My frustration in my life is that there is never enough time.  And energy.  I have bits of thoughts, starts of poems, floating around in my mind that break through once in a while – but I need the time to develop them.  I need quietness and some solitude to nourish them.  That is not something that I get very often.  Working full time, taking care of my family, doing the barest chores necessary to maintain life and sanity, doesn’t leave much time to nurture the poems that try to come through.

Last fall, going in to work through the back way, the rain slicking the concrete and making the red maple leaves bright, I saw one brilliant leaf that had been ground into the concrete by the myriad of office workers heels.  That leaf called out to me, “I did not deserve this death”, and I have sought for time ever since to tell that leaves story.  But there is no quiet.  There is no true solitude.  Even when I shut myself in my room, I am not alone.  Macie senses my desire to be without her and sits and cries at my door.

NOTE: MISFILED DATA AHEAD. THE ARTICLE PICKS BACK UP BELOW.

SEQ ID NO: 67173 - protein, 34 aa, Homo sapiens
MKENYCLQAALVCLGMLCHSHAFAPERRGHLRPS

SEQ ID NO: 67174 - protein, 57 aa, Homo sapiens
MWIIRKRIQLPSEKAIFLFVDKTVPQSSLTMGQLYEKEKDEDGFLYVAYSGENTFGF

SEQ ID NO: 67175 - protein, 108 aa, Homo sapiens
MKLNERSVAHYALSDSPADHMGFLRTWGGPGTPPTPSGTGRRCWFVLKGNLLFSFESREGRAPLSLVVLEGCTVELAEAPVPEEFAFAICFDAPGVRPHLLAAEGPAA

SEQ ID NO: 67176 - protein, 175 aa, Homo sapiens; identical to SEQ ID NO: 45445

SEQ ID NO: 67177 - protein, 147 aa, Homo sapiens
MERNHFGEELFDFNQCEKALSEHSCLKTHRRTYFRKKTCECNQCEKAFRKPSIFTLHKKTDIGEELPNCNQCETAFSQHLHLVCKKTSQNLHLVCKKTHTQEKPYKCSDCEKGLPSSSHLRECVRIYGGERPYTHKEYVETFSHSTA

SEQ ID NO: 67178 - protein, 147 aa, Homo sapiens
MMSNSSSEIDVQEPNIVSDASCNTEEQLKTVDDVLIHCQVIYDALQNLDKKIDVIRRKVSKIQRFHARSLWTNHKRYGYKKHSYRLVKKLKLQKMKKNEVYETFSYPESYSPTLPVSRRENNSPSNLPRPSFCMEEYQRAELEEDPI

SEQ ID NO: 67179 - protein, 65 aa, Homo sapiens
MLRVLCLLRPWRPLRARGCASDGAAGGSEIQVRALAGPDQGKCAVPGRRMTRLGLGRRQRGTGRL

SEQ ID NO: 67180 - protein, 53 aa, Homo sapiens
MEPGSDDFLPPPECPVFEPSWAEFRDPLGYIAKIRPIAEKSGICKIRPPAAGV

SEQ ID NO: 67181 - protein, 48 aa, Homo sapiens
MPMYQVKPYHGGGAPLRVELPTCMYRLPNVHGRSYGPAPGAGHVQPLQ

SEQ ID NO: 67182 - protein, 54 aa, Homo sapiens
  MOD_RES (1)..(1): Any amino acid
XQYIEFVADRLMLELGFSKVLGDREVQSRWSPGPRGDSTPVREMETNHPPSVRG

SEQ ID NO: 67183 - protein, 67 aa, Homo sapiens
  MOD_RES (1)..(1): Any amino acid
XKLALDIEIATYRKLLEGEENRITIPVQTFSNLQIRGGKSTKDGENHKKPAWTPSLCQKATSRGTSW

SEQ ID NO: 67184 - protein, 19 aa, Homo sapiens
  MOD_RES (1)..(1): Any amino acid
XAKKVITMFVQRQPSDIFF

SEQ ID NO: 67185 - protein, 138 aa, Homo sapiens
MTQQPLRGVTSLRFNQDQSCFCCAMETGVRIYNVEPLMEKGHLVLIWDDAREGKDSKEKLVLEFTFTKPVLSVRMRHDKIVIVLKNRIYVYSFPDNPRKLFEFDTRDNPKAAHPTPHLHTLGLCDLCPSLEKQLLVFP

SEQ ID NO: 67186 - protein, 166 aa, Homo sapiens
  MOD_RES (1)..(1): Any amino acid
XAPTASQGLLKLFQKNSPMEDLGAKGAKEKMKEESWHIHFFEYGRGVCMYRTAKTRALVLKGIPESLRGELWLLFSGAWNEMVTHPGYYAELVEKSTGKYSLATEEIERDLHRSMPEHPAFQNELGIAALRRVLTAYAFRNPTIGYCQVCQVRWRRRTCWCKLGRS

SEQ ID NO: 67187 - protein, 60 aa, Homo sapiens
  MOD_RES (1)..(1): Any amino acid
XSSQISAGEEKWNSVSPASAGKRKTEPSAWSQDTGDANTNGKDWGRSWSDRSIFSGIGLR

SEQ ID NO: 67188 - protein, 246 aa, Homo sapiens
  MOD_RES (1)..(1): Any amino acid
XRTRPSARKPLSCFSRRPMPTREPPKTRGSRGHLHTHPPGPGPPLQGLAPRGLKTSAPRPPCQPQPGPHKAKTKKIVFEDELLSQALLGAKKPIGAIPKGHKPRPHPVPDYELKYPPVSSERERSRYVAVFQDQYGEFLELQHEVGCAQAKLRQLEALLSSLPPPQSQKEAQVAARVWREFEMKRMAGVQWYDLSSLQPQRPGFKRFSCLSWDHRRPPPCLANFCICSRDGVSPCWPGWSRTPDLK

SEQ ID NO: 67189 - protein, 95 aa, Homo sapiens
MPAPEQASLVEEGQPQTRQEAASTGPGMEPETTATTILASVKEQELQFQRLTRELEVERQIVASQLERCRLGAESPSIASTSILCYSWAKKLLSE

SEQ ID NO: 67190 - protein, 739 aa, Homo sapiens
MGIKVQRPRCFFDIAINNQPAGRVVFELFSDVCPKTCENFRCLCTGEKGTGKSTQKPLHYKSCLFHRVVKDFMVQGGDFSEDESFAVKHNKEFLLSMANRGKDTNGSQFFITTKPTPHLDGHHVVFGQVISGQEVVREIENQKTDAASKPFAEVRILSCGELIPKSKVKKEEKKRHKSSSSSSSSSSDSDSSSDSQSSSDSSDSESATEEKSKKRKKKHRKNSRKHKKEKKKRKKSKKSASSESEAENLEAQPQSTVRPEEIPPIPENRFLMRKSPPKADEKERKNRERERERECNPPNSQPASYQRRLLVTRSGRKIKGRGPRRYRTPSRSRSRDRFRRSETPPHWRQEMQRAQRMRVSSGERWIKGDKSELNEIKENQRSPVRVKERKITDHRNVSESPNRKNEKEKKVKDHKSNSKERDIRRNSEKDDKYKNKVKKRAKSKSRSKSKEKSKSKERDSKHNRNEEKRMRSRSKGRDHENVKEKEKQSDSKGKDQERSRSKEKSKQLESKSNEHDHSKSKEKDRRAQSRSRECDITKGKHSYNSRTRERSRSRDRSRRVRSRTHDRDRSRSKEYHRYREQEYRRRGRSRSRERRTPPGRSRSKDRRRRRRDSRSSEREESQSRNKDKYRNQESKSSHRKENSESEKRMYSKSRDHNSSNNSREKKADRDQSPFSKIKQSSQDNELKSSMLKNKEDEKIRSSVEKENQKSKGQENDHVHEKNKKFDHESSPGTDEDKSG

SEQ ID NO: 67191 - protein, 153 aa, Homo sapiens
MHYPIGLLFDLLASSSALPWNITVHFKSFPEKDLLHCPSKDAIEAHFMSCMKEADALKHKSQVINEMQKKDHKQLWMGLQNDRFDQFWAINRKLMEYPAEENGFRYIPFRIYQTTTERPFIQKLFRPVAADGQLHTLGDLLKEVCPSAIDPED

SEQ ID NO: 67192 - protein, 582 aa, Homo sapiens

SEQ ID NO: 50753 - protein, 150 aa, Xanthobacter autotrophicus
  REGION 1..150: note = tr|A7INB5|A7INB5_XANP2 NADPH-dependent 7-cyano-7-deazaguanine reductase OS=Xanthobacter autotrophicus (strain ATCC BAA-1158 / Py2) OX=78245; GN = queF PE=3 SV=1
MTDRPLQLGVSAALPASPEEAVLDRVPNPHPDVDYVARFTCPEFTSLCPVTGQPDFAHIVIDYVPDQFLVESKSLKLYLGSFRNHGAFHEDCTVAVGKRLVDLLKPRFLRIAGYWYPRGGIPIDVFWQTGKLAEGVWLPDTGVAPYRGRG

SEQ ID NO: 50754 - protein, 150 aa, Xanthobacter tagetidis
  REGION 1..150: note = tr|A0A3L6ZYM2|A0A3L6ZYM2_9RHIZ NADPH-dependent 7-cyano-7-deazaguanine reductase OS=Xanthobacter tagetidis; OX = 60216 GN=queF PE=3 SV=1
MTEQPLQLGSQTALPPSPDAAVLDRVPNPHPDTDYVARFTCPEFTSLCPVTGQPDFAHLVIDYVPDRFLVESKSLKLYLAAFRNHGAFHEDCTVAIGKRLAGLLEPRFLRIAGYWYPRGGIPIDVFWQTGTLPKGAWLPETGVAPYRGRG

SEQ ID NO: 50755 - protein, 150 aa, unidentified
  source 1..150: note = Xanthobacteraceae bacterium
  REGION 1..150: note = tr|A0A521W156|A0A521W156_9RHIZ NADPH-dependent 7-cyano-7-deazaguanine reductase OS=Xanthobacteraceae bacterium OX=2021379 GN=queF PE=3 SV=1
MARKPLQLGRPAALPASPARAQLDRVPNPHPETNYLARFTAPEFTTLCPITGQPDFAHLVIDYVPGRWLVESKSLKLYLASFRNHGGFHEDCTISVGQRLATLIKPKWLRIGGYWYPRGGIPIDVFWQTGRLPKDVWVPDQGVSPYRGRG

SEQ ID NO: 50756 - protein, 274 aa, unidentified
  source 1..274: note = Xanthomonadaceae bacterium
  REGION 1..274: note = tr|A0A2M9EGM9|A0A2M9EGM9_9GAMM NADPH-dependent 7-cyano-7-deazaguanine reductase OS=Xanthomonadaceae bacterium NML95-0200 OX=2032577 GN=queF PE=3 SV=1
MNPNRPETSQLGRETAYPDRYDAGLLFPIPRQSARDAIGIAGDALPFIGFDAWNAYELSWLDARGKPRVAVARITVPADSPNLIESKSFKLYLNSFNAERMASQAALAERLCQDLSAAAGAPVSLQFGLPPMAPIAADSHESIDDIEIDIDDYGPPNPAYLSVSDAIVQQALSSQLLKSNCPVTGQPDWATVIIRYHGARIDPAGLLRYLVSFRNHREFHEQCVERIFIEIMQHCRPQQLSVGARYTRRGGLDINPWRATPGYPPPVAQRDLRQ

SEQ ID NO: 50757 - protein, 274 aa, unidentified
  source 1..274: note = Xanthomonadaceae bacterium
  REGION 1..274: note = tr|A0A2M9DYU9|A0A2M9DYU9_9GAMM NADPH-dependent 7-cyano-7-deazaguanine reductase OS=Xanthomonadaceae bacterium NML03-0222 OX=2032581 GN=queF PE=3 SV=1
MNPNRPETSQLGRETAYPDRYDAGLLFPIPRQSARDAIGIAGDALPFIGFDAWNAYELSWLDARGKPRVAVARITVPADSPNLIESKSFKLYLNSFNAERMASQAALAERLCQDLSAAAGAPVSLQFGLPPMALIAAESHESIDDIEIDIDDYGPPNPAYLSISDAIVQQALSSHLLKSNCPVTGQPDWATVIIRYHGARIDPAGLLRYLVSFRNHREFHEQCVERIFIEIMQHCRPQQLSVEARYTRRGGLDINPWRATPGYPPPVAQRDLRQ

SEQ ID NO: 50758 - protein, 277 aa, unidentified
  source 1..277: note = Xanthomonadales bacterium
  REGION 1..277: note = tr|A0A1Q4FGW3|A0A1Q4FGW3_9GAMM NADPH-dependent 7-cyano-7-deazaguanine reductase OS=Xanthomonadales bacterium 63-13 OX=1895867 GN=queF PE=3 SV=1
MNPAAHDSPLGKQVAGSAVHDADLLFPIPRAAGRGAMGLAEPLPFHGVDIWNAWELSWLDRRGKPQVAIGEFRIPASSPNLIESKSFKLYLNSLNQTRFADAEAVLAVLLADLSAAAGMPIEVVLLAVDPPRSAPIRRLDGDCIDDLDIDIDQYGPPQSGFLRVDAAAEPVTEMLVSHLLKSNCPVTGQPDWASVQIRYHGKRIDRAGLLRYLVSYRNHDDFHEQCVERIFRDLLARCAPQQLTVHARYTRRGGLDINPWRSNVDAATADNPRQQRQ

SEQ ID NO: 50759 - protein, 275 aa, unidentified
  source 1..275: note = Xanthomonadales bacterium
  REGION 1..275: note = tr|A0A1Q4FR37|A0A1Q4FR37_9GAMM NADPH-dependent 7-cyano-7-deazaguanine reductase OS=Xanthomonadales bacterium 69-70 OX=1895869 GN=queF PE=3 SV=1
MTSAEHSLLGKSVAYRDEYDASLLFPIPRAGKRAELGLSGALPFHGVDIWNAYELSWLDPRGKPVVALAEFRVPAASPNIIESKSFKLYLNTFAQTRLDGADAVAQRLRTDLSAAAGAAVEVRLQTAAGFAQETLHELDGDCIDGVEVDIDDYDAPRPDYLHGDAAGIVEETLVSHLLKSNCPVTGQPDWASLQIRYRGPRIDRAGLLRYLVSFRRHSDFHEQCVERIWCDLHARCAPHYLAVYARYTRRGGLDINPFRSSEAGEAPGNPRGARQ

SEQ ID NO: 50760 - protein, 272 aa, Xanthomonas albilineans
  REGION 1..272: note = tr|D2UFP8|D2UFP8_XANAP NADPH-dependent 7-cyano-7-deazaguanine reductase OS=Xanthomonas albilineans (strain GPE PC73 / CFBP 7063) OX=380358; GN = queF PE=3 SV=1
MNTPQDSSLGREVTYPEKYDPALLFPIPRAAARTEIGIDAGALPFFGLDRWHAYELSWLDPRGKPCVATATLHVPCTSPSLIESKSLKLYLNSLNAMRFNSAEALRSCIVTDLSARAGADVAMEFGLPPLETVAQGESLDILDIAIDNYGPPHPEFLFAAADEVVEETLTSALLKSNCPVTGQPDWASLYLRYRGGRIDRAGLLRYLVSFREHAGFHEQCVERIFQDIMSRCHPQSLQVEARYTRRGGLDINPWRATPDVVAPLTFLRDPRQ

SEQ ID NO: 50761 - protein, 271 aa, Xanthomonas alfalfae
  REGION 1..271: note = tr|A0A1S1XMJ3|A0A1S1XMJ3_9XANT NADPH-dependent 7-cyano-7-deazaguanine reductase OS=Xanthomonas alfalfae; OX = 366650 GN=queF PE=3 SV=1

Mom, don't you love me?
 Someone once asked William Wordsworth’s servant to show him her master’s study.  She answered, “I can show you his library, but his study is out of doors”.   When I am at my lowest, even if it is the middle of the night, in a rainstorm, I find solace by going outside and letting nature envelop me.  At least until the mosquitoes start to bite.  Then I shake myself and go back inside, but am always comforted by the few moments stolen alone with nature.

So I write this for all you, for mothers and fathers who work, take care of your children, for anyone who is striving to survive in this economy, this world, trying to hold onto your house, the few things that really matter to you – those who take care of elderly parents, own their own business, who deal with physical pain that can be so draining, who fall exhausted into bed at night, wondering when your time will come.  Well, this is your time.  It may not be what you thought it would be.  You have to treat your time/energy like money in the bank.  You only have so much – make sure what you expend it on is worth it.  Pare down your life.  Say no to the things that rob you – even though they seem worthwhile endeavors.  Simplify, simplify.   Focus on those things that you are passionate about.  Keep busy with survival.  Imitate the trees.  Learn to lose in order to recover, and remember that nothing stays the same for long, not even pain… Sit it out.  Let it pass.  Let it go.  Accept.  Be grateful.  Joy can fill you even in the midst of a time of pain.  It doesn't have to be the giddiness of youth, or even the passion of a first love.  but those moments of simple joy are so worth waiting for.

(Sally, my thoughts are with you today - and my prayers for a quick recovery)